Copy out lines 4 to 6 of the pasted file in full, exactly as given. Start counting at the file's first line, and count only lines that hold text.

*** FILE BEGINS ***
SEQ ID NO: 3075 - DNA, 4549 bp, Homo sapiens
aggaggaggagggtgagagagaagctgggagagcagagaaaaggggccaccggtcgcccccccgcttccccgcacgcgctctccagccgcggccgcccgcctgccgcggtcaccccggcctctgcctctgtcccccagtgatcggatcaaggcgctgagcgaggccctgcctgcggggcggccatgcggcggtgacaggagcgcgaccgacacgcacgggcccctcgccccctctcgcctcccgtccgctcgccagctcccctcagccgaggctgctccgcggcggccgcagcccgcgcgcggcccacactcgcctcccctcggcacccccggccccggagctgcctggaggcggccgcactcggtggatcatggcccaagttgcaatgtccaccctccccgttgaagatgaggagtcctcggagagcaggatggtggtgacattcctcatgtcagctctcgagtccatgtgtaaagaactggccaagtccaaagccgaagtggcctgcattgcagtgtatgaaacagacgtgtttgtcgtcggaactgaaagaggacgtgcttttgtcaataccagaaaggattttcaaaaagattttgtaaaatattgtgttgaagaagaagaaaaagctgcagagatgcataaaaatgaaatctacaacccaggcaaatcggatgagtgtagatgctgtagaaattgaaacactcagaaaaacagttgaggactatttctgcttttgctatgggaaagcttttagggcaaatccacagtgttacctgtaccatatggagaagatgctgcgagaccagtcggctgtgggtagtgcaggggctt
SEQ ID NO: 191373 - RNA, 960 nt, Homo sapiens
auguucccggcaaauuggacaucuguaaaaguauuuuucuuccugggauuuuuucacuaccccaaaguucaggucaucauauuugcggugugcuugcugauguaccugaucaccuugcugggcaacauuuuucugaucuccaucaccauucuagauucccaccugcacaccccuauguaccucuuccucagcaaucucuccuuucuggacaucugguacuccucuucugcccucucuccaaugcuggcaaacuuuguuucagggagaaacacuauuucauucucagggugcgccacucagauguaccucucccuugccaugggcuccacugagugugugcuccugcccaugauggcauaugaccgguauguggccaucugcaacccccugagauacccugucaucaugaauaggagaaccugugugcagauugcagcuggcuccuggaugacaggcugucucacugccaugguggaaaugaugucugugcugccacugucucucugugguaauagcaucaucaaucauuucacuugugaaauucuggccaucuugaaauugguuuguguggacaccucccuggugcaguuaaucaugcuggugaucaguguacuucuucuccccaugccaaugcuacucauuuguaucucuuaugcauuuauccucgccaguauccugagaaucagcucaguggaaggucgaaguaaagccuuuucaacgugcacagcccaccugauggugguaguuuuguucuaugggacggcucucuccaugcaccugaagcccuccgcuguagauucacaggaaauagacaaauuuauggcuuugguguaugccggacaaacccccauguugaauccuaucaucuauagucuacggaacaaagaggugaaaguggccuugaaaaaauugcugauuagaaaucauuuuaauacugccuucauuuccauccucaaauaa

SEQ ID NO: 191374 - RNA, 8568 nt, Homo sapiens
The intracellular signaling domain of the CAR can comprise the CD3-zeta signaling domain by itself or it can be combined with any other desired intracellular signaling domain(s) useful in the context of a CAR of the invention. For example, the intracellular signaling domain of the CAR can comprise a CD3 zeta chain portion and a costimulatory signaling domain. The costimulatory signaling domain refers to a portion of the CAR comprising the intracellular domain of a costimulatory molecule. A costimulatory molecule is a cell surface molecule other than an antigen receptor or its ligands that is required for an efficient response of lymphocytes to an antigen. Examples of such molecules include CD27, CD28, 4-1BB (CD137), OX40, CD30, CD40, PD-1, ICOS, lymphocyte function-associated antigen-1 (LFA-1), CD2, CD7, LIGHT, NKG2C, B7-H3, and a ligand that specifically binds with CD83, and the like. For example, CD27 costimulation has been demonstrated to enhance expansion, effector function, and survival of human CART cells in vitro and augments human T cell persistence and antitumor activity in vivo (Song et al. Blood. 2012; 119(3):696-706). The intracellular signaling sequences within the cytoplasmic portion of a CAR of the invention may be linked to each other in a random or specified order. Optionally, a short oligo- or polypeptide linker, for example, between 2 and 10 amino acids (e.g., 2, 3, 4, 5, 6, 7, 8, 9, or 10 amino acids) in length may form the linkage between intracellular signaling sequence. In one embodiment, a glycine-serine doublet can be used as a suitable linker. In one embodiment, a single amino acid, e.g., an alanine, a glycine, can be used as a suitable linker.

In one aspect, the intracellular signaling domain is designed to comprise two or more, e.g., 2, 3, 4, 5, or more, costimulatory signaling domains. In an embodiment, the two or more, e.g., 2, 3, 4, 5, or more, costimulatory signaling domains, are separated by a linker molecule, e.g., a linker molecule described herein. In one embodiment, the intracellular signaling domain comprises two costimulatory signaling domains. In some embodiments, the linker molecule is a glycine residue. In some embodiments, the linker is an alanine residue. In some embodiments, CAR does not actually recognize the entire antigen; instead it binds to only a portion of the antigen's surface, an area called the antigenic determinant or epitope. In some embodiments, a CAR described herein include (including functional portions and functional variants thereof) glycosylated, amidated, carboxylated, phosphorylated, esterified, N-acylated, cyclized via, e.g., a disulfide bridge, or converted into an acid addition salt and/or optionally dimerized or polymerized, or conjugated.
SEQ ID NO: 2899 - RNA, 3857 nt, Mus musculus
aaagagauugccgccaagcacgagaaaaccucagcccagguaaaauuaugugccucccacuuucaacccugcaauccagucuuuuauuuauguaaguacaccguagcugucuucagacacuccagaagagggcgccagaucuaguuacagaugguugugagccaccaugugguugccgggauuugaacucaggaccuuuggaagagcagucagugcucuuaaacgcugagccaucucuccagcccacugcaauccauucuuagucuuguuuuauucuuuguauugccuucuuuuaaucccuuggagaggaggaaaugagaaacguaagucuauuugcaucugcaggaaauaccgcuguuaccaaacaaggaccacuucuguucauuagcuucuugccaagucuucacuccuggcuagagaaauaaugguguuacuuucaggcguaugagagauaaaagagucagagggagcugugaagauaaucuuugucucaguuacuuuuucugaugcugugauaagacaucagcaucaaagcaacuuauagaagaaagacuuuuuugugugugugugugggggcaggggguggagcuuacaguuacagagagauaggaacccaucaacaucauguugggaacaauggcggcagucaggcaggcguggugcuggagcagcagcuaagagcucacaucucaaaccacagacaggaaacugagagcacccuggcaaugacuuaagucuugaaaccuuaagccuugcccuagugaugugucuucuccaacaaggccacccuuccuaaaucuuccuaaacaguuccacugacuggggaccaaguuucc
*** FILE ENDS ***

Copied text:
auguucccggcaaauuggacaucuguaaaaguauuuuucuuccugggauuuuuucacuaccccaaaguucaggucaucauauuugcggugugcuugcugauguaccugaucaccuugcugggcaacauuuuucugaucuccaucaccauucuagauucccaccugcacaccccuauguaccucuuccucagcaaucucuccuuucuggacaucugguacuccucuucugcccucucuccaaugcuggcaaacuuuguuucagggagaaacacuauuucauucucagggugcgccacucagauguaccucucccuugccaugggcuccacugagugugugcuccugcccaugauggcauaugaccgguauguggccaucugcaacccccugagauacccugucaucaugaauaggagaaccugugugcagauugcagcuggcuccuggaugacaggcugucucacugccaugguggaaaugaugucugugcugccacugucucucugugguaauagcaucaucaaucauuucacuugugaaauucuggccaucuugaaauugguuuguguggacaccucccuggugcaguuaaucaugcuggugaucaguguacuucuucuccccaugccaaugcuacucauuuguaucucuuaugcauuuauccucgccaguauccugagaaucagcucaguggaaggucgaaguaaagccuuuucaacgugcacagcccaccugauggugguaguuuuguucuaugggacggcucucuccaugcaccugaagcccuccgcuguagauucacaggaaauagacaaauuuauggcuuugguguaugccggacaaacccccauguugaauccuaucaucuauagucuacggaacaaagaggugaaaguggccuugaaaaaauugcugauuagaaaucauuuuaauacugccuucauuuccauccucaaauaa

SEQ ID NO: 191374 - RNA, 8568 nt, Homo sapiens
The intracellular signaling domain of the CAR can comprise the CD3-zeta signaling domain by itself or it can be combined with any other desired intracellular signaling domain(s) useful in the context of a CAR of the invention. For example, the intracellular signaling domain of the CAR can comprise a CD3 zeta chain portion and a costimulatory signaling domain. The costimulatory signaling domain refers to a portion of the CAR comprising the intracellular domain of a costimulatory molecule. A costimulatory molecule is a cell surface molecule other than an antigen receptor or its ligands that is required for an efficient response of lymphocytes to an antigen. Examples of such molecules include CD27, CD28, 4-1BB (CD137), OX40, CD30, CD40, PD-1, ICOS, lymphocyte function-associated antigen-1 (LFA-1), CD2, CD7, LIGHT, NKG2C, B7-H3, and a ligand that specifically binds with CD83, and the like. For example, CD27 costimulation has been demonstrated to enhance expansion, effector function, and survival of human CART cells in vitro and augments human T cell persistence and antitumor activity in vivo (Song et al. Blood. 2012; 119(3):696-706). The intracellular signaling sequences within the cytoplasmic portion of a CAR of the invention may be linked to each other in a random or specified order. Optionally, a short oligo- or polypeptide linker, for example, between 2 and 10 amino acids (e.g., 2, 3, 4, 5, 6, 7, 8, 9, or 10 amino acids) in length may form the linkage between intracellular signaling sequence. In one embodiment, a glycine-serine doublet can be used as a suitable linker. In one embodiment, a single amino acid, e.g., an alanine, a glycine, can be used as a suitable linker.